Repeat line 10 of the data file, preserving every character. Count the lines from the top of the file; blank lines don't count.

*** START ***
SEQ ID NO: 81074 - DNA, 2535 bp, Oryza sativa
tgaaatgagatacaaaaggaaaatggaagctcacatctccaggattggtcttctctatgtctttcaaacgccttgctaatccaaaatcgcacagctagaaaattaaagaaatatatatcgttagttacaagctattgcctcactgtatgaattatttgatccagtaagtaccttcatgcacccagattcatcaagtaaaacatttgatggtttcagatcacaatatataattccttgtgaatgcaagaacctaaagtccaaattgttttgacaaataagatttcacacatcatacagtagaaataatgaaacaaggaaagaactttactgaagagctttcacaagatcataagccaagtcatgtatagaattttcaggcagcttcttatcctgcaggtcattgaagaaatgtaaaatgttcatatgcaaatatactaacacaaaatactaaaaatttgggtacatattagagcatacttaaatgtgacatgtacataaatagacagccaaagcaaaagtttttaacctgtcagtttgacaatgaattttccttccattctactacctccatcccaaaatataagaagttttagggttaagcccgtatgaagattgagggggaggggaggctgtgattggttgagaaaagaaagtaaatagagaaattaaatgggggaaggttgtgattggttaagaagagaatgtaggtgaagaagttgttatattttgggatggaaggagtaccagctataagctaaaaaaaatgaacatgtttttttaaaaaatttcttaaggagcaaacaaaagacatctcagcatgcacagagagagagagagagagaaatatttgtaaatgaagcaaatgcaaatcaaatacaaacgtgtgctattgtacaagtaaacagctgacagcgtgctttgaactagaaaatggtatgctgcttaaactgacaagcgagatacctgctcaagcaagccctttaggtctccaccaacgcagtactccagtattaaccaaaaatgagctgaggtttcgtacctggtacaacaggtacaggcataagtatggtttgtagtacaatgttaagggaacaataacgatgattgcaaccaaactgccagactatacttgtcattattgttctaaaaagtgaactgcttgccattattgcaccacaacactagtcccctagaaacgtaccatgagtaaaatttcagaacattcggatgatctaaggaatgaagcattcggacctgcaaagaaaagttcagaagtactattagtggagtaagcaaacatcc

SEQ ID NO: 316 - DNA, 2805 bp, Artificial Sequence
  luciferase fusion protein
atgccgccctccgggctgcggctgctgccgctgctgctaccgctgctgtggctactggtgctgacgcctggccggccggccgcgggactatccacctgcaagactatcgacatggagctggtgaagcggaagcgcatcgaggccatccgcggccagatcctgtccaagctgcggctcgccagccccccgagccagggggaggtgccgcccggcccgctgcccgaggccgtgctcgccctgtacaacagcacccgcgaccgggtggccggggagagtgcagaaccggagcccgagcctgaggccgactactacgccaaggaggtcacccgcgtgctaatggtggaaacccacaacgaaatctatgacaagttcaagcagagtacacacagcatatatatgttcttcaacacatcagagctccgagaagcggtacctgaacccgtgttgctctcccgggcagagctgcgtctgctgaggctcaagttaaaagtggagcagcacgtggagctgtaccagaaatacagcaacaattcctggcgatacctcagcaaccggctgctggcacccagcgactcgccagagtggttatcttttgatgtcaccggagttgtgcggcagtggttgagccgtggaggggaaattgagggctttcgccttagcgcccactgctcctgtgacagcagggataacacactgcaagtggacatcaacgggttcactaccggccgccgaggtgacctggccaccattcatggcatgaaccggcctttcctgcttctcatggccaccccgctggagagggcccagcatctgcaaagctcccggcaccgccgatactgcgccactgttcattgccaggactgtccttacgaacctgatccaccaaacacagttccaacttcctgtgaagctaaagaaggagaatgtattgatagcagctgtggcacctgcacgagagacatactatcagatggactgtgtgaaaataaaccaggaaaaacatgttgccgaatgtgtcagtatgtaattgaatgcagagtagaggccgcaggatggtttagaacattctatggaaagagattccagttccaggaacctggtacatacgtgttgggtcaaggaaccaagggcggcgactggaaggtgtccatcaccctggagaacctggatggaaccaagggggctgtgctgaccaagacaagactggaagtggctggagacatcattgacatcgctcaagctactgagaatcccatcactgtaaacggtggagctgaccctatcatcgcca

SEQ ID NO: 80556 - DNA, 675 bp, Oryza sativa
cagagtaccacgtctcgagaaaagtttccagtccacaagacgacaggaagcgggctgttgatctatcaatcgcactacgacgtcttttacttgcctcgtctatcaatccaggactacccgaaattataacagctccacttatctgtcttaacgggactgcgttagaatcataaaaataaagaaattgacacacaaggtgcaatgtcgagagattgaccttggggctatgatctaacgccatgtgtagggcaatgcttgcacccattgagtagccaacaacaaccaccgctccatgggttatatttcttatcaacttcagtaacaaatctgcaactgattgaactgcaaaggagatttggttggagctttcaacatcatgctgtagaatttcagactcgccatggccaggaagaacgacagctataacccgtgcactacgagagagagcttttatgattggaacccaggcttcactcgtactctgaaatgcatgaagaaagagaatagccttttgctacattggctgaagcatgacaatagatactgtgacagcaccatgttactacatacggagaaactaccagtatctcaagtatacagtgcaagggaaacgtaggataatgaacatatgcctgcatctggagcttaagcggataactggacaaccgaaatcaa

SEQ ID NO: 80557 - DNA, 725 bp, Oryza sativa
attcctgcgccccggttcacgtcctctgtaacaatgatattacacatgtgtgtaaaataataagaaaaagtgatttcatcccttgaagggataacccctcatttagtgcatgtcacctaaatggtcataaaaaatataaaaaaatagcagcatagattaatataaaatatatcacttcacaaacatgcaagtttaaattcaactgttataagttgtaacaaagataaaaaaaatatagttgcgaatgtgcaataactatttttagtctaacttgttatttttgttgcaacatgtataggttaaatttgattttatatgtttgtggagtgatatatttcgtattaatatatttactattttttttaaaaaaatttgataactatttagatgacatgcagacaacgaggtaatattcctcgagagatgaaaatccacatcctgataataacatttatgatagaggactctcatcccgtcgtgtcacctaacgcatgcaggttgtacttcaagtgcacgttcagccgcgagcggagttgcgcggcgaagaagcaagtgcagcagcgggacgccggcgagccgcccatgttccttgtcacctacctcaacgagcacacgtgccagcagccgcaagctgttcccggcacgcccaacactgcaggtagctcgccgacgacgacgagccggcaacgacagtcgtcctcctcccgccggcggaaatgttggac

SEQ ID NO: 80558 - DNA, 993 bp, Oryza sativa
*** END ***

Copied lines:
SEQ ID NO: 80558 - DNA, 993 bp, Oryza sativa